As with any new technology, new cables tend to support higher bandwidths, providing faster download speeds and connections. As the cable’s category number gets higher, so does the speed and MHz of the wire.
One of the noisiest issues in today’s A/V market is the cost of twisted pair cabling. The head-to-head marketing competition that has been ongoing for years has led to some interesting claims and discussions which we will dive into to separate the fancy fluff from the facts.
Don’t Let the Fancy Lingo Fool You…
Take a look at the frequency chart below. The left-side column of the chart describes the legitimate certification frequency for each category level. You’ll see that Cat 5e has 100 MHz, not 350 MHz. Do you see a frequency of 500 or 550 MHz for Category 6? You don’t.
These commonly marketed thresholds have no official meaning per the certification standards. This is simply a marketing trick that tries to differentiate cables from other suppliers. When this practice first came into the market some people talked about Category 5 big “E” and the little “e” – the big “E” meant a frequency of 350 MHz and the little “e” meant a frequency of 100 MHz.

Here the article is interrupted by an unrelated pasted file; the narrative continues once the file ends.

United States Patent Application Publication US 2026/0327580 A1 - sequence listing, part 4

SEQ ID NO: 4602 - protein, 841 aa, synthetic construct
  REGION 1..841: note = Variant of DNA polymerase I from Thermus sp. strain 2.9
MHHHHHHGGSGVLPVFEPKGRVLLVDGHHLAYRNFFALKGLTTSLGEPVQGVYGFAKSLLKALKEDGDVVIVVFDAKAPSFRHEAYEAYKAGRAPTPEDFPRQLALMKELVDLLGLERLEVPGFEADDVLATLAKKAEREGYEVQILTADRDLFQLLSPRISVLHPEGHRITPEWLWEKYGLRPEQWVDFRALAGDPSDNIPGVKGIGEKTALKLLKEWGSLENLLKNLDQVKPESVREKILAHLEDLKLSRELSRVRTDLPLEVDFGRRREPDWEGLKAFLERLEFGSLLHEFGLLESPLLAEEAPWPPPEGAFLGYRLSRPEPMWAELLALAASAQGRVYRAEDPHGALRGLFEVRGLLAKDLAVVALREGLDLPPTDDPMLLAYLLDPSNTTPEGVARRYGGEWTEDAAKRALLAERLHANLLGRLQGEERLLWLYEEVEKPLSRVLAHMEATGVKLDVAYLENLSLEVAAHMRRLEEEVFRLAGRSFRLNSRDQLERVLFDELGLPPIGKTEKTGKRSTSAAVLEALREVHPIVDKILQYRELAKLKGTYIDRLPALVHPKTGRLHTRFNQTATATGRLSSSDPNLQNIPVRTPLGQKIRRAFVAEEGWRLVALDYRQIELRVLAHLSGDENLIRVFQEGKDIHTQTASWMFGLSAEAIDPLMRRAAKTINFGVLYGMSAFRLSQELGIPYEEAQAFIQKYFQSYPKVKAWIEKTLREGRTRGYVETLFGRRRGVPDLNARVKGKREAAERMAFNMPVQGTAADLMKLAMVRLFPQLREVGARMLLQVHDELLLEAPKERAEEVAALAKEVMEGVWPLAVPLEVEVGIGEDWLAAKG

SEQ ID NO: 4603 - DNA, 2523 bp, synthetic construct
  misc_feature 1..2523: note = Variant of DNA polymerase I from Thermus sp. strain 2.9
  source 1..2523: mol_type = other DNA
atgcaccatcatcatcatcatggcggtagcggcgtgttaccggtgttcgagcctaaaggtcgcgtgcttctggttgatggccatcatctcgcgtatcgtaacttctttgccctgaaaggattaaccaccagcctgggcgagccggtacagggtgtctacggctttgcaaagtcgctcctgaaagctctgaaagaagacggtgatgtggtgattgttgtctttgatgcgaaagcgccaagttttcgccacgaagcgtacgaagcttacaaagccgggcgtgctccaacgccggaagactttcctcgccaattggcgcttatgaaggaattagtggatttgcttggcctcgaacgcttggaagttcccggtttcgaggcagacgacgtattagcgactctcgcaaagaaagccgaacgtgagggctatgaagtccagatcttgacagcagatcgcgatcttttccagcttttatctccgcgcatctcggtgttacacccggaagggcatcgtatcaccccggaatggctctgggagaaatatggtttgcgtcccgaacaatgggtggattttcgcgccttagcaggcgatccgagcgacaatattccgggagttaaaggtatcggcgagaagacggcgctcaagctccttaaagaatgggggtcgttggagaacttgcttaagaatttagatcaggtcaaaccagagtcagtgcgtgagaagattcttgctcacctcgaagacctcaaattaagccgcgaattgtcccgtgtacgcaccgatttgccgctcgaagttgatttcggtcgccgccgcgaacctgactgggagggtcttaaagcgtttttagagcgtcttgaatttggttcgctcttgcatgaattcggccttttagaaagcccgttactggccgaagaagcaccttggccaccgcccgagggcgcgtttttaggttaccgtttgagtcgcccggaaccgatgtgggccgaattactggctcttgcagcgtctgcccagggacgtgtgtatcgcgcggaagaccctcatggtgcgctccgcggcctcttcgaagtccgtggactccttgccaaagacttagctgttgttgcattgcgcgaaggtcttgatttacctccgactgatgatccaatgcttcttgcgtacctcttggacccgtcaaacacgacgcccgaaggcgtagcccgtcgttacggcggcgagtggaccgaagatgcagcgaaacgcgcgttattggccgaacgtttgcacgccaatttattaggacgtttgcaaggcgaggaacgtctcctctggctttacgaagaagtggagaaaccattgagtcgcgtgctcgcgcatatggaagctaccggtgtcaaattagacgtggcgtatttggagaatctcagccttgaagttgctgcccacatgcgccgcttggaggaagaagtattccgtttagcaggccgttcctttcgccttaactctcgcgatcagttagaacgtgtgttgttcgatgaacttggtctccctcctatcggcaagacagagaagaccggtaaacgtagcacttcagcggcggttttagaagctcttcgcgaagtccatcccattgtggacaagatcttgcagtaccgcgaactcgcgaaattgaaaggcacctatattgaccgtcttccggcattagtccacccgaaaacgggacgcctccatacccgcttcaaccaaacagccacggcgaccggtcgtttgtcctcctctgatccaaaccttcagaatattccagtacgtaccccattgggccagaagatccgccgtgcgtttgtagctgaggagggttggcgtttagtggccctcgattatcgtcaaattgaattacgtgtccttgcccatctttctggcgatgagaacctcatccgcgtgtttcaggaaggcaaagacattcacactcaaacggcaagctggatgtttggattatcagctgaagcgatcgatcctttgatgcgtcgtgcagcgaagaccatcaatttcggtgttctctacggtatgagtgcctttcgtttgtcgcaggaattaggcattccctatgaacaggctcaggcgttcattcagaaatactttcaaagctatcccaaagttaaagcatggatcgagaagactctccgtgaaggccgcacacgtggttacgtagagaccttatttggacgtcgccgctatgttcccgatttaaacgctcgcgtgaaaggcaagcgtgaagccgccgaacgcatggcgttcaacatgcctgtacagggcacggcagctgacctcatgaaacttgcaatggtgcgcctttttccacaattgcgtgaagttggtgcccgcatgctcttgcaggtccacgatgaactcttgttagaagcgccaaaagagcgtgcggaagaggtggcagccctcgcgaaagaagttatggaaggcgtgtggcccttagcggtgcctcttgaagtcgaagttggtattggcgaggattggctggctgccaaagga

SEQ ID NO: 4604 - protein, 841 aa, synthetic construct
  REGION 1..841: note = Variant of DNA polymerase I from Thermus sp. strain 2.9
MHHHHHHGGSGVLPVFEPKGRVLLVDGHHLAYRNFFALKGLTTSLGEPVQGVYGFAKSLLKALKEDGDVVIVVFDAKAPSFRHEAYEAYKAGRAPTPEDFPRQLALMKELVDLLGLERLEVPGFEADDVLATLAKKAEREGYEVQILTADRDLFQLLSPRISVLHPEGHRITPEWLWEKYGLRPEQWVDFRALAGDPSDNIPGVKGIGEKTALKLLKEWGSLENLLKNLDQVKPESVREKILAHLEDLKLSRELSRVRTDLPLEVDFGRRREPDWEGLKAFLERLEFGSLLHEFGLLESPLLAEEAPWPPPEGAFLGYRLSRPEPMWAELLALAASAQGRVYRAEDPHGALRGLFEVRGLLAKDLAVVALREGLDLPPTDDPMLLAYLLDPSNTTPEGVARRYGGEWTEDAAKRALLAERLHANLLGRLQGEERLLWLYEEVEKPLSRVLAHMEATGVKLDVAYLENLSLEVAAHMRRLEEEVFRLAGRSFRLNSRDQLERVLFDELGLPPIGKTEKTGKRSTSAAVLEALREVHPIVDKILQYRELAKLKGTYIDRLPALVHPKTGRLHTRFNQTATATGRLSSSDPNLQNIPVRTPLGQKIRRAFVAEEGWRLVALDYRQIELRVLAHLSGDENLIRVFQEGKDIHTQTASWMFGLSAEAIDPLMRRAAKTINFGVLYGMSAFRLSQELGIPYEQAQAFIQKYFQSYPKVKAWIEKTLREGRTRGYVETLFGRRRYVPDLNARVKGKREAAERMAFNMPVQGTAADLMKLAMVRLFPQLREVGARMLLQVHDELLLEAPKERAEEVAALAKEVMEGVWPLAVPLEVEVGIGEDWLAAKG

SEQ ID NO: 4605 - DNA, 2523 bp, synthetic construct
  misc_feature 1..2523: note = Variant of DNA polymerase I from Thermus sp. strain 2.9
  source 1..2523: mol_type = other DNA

Under the standards of TIA and ISO/IEC – two common standard-developing organizations – only the worst-case performance should be presented for the category cable frequencies. However, once the sweep exceeds the certification threshold, there is no such limitation. This means that manufacturers and distributors are then free to exaggerate a cable’s performance at will.
In the U.S. market today, Category 8 is the new top dog. We skipped an official Cat 7 cable. In the European market, Class F and FA, are what we call Category 7 and 7A. Class 7A cable performance and requirements exceed Category 8.1 cables.